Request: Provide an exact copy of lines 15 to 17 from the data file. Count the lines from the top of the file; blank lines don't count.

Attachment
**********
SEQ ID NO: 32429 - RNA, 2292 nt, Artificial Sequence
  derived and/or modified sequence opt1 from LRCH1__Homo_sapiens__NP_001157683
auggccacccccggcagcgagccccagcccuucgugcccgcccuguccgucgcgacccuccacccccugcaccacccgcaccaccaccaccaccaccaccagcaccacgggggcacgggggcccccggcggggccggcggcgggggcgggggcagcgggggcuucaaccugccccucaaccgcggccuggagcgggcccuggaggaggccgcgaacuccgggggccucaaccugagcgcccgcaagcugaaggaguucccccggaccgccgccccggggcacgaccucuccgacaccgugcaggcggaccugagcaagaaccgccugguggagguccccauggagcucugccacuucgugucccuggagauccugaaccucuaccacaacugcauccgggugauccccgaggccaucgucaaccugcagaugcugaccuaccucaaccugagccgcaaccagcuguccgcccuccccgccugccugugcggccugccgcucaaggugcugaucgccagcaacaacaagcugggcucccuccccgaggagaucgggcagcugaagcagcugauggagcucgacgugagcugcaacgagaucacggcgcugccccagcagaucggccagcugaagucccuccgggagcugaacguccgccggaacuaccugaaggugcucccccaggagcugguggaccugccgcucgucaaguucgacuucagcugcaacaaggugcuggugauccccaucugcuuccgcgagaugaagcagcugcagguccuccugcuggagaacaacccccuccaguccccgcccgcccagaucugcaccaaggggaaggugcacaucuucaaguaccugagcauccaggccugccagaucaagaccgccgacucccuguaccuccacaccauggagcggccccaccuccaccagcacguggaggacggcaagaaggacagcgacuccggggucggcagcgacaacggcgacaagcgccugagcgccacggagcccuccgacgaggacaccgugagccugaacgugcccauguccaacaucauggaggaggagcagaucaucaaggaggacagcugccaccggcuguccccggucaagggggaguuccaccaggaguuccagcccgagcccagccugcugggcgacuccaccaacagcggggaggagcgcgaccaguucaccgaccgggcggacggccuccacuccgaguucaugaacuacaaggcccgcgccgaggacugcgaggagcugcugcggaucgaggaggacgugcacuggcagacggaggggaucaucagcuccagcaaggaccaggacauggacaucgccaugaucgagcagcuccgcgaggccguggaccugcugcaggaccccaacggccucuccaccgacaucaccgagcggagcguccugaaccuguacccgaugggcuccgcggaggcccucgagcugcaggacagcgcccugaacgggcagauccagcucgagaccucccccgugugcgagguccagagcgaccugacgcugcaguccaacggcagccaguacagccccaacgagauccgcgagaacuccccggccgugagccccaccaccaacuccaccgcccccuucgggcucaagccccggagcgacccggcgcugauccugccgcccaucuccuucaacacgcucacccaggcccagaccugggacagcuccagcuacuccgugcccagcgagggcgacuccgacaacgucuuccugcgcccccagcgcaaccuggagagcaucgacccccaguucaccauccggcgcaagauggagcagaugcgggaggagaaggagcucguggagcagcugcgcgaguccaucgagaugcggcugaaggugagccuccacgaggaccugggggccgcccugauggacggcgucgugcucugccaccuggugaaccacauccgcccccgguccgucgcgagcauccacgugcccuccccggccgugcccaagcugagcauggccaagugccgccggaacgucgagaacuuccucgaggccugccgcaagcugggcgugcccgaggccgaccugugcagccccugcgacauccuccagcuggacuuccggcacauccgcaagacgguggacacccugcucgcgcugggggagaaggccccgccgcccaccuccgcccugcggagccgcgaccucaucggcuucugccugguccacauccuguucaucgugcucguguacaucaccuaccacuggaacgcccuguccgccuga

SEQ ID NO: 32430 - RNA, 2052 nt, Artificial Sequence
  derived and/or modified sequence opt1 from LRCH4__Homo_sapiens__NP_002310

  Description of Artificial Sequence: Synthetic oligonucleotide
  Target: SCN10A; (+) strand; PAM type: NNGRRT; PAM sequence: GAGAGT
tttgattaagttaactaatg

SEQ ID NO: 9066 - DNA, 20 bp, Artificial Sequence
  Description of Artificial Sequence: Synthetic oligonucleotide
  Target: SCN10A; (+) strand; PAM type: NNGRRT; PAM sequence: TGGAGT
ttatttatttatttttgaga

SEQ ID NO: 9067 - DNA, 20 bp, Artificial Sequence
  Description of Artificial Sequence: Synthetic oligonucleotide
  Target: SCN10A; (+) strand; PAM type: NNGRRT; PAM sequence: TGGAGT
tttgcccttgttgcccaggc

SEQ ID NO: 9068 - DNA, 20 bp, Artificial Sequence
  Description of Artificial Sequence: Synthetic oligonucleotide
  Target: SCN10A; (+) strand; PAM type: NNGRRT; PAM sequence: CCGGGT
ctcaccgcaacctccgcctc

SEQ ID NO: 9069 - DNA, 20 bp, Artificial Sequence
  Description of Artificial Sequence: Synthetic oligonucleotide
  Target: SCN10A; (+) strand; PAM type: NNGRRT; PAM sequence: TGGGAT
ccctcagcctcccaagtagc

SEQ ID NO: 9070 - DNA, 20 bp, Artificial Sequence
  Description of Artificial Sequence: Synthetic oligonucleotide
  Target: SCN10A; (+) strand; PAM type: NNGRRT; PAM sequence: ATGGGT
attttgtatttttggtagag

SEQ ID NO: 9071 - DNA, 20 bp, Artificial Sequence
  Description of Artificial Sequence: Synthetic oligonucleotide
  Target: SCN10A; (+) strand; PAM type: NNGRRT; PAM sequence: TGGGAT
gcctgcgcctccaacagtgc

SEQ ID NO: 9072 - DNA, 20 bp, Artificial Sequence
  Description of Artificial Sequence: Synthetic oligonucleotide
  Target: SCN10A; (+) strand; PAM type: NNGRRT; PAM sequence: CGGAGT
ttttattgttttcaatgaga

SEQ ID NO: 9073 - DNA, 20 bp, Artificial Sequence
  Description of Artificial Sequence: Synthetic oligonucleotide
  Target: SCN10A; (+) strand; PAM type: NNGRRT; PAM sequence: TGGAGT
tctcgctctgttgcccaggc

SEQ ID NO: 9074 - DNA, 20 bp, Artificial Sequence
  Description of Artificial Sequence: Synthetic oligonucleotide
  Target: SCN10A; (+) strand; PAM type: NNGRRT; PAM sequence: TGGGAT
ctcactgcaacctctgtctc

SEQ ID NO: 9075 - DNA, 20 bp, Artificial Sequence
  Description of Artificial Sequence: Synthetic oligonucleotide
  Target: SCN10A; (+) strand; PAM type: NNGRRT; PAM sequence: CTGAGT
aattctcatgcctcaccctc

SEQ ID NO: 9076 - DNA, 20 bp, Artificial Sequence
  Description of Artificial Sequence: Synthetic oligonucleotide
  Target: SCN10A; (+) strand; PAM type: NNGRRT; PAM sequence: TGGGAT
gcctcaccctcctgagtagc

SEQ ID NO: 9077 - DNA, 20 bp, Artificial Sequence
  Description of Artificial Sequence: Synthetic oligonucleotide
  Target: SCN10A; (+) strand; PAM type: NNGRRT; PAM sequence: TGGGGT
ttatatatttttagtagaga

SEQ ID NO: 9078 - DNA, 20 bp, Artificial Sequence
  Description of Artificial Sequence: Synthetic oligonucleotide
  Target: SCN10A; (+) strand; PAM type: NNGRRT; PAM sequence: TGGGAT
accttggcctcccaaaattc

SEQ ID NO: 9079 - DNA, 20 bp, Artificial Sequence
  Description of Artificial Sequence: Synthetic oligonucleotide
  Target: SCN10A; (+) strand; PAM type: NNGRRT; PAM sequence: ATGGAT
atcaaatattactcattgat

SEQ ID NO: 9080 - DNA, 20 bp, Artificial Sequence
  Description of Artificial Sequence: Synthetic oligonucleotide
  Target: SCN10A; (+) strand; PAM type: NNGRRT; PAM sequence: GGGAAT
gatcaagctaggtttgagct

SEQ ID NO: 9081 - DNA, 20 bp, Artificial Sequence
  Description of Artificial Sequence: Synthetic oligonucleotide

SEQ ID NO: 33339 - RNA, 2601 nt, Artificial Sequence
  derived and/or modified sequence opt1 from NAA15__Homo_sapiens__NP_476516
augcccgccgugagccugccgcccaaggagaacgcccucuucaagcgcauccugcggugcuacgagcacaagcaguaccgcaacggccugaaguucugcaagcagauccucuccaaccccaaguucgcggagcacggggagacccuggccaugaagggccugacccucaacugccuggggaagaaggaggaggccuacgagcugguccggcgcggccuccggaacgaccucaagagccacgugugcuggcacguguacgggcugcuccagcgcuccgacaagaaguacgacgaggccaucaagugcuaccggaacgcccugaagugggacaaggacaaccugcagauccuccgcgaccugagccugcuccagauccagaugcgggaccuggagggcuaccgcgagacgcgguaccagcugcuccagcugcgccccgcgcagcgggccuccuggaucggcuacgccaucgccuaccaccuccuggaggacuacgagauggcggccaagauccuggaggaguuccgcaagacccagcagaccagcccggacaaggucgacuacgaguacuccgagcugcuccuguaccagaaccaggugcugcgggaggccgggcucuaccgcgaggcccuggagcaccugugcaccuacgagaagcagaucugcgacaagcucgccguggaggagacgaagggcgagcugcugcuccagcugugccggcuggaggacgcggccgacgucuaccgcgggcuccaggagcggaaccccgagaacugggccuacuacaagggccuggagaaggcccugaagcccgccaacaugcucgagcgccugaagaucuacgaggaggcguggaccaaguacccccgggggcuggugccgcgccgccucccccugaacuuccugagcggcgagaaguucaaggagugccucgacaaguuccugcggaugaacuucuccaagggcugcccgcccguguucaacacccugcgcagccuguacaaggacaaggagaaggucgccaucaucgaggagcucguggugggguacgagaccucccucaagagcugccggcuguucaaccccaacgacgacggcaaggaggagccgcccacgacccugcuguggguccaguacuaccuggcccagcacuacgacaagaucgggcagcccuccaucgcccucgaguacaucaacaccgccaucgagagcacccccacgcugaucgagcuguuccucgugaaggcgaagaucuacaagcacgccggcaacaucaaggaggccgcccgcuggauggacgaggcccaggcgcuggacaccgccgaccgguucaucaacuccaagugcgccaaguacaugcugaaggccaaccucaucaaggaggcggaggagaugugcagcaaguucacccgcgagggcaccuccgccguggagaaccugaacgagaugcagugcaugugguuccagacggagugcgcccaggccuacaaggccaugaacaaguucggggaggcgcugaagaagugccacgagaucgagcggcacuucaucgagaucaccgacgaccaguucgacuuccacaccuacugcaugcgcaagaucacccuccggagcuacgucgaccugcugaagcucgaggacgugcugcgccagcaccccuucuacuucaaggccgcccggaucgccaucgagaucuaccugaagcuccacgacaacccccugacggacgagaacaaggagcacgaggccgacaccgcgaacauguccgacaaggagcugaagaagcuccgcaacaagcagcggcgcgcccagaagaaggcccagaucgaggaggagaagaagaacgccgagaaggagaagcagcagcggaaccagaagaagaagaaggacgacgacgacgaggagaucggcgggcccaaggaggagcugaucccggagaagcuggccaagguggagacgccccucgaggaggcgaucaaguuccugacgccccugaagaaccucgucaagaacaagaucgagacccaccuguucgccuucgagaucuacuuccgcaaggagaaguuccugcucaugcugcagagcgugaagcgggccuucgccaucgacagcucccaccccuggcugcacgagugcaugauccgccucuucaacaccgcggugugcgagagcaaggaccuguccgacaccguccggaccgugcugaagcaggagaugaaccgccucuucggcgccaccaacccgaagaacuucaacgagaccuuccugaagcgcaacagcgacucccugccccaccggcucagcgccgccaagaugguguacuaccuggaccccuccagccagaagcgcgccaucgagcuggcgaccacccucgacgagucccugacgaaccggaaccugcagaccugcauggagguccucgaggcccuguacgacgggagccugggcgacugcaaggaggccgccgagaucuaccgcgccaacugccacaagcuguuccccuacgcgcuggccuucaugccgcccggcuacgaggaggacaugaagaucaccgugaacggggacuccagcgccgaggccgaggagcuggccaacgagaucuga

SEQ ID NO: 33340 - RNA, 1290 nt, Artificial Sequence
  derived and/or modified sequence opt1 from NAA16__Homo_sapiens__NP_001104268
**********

  Target: SCN10A; (+) strand; PAM type: NNGRRT; PAM sequence: TGGAGT
tttgcccttgttgcccaggc

SEQ ID NO: 9068 - DNA, 20 bp, Artificial Sequence